A year ago today, Cure Leukaemia announced its national expansion plans by investing £3,000,000 in 12 blood cancer centres across the UK to form the national Trials Acceleration Programme (TAP). TAP is a network of UK NHS hospitals, linked by Cure Leukaemia-funded Research Nurses, and co-ordinated through the central Hub at the Cancer Research Clinical Trials Unit (CRCTU) at The University of Birmingham. TAP enables rapid setup, recruitment and assessment of pioneering clinical trials for patients with all forms of blood cancer.
Cure Leukaemia’s funding of the TAP, which began in January 2020, has enabled a new clinical study to be launched named PACE which examines the impact of infections, with a focus on COVID-19, on patients with acute myeloid leukaemia (AML). PACE, led by Professor Simon Stanworth of John Radcliffe Hospital in Oxford, was setup in under 1 month thanks to the TAP’s infrastructure and is already running at 18 sites across the country with a further 16 expected to open in the coming weeks.
The rapid setup, patient recruitment and assessment of this study has only been possible thanks to the TAP’s research nurse network and Hub highlighting the vital importance of support for Cure Leukaemia to ensure this and future trials and studies can be delivered to benefit blood cancer patients across the UK.
Cure Leukaemia announced its funding of the TAP on June 11th 2019, at an event held at KPMG’s offices in Birmingham which was attended by Mayor for the West Midlands Andy Street CBE and other influential business leaders from the Midlands region. The theme of the event and the campaign which led up to it focussed on Cure Leukaemia urging businesses to help ‘Put Us Out Of Business’ a striking call-to-action alluding to the charity’s aim to no longer be required once effective treatments for all forms of blood cancer have been found.
Speaking about the opening of the PACE study, Mayor Andy Street said:
“The opening of this important study emphasises the vital need for clinical networks like the Cure Leukaemia funded TAP.
We are proud that a charity, which has its roots in the Midlands, is helping to make a national impact on the COVID-19 crisis and it is important that we ensure that charities like Cure Leukaemia continue to receive funding to sustain this impact going forward.”
Professor Simon Stanworth said:
“I am honoured to be working with so many colleagues in the leukaemia community on this clinical study termed PACE. This remains a very worrying time for many of us as we try to grapple with the full consequences of COVID-19 infection in our patients. The study will help us better understand the problems of infections both in patients developing AML, both with and without COVID-19 infection, to improve our knowledge base, develop practical recommendations for clinical teams and as a prelude to research in the future.”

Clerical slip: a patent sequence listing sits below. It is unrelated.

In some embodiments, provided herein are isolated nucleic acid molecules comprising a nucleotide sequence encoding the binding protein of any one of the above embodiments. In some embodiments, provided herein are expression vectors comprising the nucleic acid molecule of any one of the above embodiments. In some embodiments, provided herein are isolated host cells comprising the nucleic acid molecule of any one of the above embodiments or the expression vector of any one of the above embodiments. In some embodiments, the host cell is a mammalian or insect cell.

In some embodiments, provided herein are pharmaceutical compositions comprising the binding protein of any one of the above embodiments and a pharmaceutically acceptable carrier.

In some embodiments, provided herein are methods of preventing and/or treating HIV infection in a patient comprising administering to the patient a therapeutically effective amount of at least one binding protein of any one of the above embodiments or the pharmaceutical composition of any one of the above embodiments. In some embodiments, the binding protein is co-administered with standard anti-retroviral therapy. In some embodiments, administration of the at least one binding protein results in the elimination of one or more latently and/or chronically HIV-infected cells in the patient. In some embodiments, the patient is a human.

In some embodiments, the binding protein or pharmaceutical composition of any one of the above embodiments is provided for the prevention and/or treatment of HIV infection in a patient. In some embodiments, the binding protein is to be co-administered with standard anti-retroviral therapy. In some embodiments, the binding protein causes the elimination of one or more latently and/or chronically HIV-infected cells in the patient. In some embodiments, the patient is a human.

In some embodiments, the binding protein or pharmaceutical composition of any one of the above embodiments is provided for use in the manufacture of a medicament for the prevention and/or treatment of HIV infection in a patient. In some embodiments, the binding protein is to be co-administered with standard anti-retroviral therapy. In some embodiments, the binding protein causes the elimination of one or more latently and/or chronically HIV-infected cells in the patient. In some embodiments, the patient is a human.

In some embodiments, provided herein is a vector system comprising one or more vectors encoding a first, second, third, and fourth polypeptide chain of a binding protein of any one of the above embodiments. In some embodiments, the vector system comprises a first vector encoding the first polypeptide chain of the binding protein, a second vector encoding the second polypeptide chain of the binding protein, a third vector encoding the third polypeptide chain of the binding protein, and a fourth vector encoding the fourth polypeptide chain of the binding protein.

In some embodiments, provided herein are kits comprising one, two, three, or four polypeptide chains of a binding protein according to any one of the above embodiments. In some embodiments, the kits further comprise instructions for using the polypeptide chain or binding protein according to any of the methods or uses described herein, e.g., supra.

The Trials Acceleration Programme, funded by Cure Leukaemia, has provided the infrastructure to open and recruit patients to this study in under 1 month and it will also enable the accelerated assessment of these patients in the coming weeks and months. It is essential that programmes like the TAP remain funded to allow PACE, future studies and pioneering clinical trials to open and run to benefit blood cancer patients across the UK.”
Cure Leukaemia Chief Executive James McLaughlin said:
“A year ago we announced how Cure Leukaemia will be making a national impact by funding 12 blood cancer centres across the UK. Now, during these unprecedented times, we have seen how the TAP has facilitated the opening of this important COVID-19 study at hospitals outside the network highlighting the importance of the infrastructure it offers to the UK’s medical community.
“We are proud to be making a direct impact on the UK’s efforts to combat COVID-19 but it remains crucial that we can continue to providing the infrastructure for these studies and clinical trials to run and we cannot do that without the continued support of businesses and fundraisers across the country.”
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